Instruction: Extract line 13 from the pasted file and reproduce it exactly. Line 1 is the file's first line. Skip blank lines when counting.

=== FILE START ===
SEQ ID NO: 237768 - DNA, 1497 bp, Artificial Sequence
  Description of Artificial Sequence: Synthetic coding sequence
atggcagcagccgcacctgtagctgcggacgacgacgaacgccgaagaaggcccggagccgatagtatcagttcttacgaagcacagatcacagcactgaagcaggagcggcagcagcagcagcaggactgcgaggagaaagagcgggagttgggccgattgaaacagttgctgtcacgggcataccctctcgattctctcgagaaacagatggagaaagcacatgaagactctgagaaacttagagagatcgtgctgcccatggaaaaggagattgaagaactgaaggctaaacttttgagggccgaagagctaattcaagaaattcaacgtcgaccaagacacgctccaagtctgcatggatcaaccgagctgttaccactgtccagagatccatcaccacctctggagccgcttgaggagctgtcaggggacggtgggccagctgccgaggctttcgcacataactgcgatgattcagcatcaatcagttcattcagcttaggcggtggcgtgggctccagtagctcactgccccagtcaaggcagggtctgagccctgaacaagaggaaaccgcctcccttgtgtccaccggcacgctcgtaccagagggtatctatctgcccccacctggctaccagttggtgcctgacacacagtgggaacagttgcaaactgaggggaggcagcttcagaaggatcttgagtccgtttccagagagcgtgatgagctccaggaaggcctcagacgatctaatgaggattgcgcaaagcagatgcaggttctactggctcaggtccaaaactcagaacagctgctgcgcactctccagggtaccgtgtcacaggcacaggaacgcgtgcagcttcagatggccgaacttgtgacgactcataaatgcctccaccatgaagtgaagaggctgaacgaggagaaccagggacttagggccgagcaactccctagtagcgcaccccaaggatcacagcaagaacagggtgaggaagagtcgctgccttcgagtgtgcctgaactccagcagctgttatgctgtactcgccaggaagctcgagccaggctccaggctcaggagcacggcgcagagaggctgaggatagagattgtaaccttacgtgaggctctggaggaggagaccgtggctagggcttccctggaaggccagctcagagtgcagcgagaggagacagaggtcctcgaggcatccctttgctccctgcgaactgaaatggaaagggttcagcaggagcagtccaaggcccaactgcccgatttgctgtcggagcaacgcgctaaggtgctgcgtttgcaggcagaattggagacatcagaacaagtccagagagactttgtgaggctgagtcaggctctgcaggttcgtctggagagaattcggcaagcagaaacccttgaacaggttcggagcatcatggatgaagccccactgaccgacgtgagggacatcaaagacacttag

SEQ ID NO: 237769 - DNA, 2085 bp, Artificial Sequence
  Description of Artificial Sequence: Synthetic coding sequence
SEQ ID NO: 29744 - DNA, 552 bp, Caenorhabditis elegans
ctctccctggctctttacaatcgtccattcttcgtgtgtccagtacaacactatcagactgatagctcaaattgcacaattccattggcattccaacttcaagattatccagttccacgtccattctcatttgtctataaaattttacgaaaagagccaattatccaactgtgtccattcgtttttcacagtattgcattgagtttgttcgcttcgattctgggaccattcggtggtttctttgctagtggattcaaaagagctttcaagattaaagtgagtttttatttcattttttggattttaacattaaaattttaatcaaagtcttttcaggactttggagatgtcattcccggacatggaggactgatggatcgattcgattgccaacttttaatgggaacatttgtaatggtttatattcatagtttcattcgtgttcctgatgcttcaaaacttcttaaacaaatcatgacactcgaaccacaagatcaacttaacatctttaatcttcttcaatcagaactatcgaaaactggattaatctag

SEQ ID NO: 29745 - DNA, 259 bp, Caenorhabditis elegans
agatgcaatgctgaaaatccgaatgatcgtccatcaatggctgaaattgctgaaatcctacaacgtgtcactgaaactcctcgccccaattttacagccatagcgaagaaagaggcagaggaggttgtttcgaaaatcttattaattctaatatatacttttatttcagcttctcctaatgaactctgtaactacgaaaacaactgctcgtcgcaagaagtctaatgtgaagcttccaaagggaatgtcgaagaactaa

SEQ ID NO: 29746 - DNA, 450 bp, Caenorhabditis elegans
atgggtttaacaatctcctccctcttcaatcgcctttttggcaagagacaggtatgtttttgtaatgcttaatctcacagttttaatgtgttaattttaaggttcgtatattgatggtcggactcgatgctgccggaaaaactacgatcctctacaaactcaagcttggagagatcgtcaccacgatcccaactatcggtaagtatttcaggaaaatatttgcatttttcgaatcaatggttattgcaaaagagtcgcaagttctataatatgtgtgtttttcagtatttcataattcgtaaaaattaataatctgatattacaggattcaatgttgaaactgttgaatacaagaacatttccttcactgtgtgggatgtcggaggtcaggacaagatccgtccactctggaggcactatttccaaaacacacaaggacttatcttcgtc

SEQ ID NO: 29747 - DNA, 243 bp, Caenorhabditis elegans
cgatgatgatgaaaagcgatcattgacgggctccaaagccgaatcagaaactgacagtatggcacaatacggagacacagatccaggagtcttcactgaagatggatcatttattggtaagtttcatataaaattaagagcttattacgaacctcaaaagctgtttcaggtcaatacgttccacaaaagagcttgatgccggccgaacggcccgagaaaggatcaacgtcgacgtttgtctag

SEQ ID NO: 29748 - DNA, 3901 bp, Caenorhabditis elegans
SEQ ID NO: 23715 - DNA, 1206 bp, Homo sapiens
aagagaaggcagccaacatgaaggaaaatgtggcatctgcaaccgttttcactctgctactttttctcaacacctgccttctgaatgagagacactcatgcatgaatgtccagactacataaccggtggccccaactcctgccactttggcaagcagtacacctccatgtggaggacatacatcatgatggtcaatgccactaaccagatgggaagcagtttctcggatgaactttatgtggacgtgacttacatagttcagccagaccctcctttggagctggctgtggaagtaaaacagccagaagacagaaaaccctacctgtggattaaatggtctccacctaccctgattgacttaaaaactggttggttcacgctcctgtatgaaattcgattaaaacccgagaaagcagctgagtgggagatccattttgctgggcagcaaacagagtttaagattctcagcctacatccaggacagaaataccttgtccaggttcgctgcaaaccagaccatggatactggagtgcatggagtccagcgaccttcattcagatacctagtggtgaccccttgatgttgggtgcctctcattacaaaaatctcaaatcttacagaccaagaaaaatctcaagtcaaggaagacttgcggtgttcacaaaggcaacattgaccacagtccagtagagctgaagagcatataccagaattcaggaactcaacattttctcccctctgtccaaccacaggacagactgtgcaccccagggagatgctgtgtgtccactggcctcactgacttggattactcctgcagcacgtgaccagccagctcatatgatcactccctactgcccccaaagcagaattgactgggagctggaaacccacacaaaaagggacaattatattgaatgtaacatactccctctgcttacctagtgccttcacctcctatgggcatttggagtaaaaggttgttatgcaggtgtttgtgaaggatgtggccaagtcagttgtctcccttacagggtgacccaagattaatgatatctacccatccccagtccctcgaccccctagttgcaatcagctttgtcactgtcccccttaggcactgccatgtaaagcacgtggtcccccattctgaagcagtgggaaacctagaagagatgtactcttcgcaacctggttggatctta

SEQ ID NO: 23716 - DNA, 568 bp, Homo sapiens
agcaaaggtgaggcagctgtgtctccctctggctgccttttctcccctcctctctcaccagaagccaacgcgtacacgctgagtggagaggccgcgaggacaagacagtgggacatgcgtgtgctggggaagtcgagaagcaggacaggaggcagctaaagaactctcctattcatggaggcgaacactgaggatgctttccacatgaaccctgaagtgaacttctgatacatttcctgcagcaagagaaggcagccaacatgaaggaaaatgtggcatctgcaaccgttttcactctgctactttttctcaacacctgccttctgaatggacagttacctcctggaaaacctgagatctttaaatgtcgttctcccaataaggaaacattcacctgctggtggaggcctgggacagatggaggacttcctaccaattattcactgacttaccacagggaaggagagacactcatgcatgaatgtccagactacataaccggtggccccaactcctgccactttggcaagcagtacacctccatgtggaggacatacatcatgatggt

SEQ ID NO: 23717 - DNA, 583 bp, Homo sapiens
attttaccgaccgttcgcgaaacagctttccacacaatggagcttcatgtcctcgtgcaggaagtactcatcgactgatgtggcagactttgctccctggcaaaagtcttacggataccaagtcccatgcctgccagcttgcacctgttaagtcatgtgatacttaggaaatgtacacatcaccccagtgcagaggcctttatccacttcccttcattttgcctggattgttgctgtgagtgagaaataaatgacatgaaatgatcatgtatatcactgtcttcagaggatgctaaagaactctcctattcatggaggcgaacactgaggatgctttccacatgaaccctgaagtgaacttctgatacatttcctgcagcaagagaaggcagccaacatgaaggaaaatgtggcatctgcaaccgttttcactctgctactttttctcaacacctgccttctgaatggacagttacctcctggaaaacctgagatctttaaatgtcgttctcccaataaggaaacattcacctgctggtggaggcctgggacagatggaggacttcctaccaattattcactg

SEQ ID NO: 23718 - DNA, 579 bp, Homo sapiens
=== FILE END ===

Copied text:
cgatgatgatgaaaagcgatcattgacgggctccaaagccgaatcagaaactgacagtatggcacaatacggagacacagatccaggagtcttcactgaagatggatcatttattggtaagtttcatataaaattaagagcttattacgaacctcaaaagctgtttcaggtcaatacgttccacaaaagagcttgatgccggccgaacggcccgagaaaggatcaacgtcgacgtttgtctag